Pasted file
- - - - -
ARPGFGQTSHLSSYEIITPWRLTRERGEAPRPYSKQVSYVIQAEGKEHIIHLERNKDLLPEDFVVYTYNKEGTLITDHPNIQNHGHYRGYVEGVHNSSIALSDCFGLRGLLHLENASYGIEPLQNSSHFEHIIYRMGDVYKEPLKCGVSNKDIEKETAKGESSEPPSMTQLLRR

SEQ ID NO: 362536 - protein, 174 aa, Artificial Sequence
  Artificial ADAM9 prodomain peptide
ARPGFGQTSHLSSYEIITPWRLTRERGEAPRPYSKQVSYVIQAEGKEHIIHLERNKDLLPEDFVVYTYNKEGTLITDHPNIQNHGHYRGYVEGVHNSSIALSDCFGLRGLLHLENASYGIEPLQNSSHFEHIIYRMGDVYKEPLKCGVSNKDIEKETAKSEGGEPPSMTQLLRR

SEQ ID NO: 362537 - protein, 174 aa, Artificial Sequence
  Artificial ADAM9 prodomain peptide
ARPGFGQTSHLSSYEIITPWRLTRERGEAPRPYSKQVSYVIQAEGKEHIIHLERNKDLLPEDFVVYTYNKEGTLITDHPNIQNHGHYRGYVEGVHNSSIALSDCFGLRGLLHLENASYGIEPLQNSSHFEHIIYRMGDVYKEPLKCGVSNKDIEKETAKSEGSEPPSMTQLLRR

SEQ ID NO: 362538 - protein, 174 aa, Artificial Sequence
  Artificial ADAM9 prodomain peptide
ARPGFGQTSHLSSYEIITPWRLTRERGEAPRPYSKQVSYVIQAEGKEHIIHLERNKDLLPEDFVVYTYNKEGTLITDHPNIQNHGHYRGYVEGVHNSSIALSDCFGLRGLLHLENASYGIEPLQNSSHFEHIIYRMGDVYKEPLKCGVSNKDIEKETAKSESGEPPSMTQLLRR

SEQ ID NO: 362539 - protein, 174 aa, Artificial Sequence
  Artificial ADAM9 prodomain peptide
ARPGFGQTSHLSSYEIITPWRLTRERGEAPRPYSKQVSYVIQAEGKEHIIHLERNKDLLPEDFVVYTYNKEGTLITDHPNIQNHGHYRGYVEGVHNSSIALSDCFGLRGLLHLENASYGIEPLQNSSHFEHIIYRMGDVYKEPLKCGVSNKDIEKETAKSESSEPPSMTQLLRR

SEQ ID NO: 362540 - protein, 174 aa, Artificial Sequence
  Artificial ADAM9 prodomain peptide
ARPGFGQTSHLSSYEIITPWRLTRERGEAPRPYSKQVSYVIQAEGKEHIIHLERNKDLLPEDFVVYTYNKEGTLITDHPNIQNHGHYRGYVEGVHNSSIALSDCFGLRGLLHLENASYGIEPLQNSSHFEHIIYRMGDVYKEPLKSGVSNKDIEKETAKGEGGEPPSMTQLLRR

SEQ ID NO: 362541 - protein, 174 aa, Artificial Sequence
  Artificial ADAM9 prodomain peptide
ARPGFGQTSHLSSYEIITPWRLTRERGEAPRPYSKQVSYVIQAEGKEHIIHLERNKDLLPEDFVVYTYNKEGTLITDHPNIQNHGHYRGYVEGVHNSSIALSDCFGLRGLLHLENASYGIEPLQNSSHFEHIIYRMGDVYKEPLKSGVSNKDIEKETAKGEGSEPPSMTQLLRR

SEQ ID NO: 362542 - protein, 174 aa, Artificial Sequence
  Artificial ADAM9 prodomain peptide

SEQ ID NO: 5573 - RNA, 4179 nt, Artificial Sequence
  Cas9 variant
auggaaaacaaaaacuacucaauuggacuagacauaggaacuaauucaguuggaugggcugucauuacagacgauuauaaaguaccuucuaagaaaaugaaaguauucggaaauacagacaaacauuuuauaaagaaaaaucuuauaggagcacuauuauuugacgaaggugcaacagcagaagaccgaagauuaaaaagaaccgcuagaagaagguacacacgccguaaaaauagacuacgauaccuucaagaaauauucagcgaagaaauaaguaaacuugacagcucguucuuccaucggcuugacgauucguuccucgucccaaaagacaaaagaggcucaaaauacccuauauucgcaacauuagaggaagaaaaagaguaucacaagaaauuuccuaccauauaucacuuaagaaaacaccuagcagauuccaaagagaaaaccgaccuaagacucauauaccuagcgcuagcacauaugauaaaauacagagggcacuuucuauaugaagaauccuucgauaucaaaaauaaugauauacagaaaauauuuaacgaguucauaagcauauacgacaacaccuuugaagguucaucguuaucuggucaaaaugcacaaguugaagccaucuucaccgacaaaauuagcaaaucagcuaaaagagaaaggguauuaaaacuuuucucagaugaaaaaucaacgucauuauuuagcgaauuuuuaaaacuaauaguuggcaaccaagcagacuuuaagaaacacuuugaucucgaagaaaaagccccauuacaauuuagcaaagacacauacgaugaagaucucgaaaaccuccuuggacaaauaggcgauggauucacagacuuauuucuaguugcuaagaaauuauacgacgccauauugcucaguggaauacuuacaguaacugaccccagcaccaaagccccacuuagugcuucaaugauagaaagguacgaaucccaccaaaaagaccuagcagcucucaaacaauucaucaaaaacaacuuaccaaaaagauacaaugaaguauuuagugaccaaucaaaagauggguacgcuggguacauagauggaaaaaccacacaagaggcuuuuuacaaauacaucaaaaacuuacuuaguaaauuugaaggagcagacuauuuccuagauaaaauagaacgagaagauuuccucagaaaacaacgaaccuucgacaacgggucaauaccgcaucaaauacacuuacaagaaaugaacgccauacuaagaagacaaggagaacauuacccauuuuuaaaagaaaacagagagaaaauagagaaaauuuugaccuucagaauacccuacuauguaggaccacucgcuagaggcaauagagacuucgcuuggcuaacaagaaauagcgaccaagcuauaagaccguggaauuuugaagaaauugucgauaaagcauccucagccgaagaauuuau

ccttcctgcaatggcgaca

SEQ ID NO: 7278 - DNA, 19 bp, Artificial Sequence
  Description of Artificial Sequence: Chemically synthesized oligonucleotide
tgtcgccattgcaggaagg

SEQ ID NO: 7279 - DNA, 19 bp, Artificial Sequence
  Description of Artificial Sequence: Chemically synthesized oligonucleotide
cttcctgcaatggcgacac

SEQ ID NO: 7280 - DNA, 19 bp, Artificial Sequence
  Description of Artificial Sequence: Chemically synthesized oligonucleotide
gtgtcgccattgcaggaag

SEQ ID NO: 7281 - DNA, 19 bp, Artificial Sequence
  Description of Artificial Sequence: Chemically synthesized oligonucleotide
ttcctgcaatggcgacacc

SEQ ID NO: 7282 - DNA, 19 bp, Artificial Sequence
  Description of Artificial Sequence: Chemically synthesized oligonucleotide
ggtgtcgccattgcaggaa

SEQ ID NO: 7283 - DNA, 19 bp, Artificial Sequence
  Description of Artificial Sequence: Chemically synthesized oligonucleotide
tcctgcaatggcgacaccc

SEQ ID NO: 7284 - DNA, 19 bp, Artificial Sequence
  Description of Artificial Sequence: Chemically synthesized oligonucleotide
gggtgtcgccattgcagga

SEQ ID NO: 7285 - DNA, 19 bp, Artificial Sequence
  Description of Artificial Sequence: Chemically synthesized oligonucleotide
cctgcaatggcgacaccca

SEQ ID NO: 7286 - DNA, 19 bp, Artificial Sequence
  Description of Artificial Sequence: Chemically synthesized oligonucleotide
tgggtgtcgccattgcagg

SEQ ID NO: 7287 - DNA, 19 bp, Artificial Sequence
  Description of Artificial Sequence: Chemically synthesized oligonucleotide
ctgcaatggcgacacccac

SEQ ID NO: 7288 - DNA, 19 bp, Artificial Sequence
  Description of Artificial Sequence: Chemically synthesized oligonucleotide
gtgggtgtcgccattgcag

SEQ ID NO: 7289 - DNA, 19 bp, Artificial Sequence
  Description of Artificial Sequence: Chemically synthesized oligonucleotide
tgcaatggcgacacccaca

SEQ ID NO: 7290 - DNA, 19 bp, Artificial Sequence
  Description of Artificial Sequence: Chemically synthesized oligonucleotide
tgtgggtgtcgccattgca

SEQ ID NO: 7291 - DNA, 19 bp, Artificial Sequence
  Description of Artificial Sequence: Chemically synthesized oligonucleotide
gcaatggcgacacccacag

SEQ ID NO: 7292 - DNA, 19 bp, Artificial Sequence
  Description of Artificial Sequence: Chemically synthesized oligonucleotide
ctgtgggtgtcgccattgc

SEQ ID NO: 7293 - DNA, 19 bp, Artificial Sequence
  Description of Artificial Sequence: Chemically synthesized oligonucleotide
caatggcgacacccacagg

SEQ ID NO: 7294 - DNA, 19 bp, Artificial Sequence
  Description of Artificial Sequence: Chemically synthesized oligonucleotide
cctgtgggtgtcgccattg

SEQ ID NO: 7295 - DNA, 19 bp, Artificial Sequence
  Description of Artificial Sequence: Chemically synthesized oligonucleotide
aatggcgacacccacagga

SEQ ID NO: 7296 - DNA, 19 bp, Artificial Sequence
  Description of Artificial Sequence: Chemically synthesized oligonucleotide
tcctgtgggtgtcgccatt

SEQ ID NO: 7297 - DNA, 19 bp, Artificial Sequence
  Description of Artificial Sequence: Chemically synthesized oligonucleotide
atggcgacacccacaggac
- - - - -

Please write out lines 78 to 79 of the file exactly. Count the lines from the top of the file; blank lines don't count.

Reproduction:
  Description of Artificial Sequence: Chemically synthesized oligonucleotide
aatggcgacacccacagga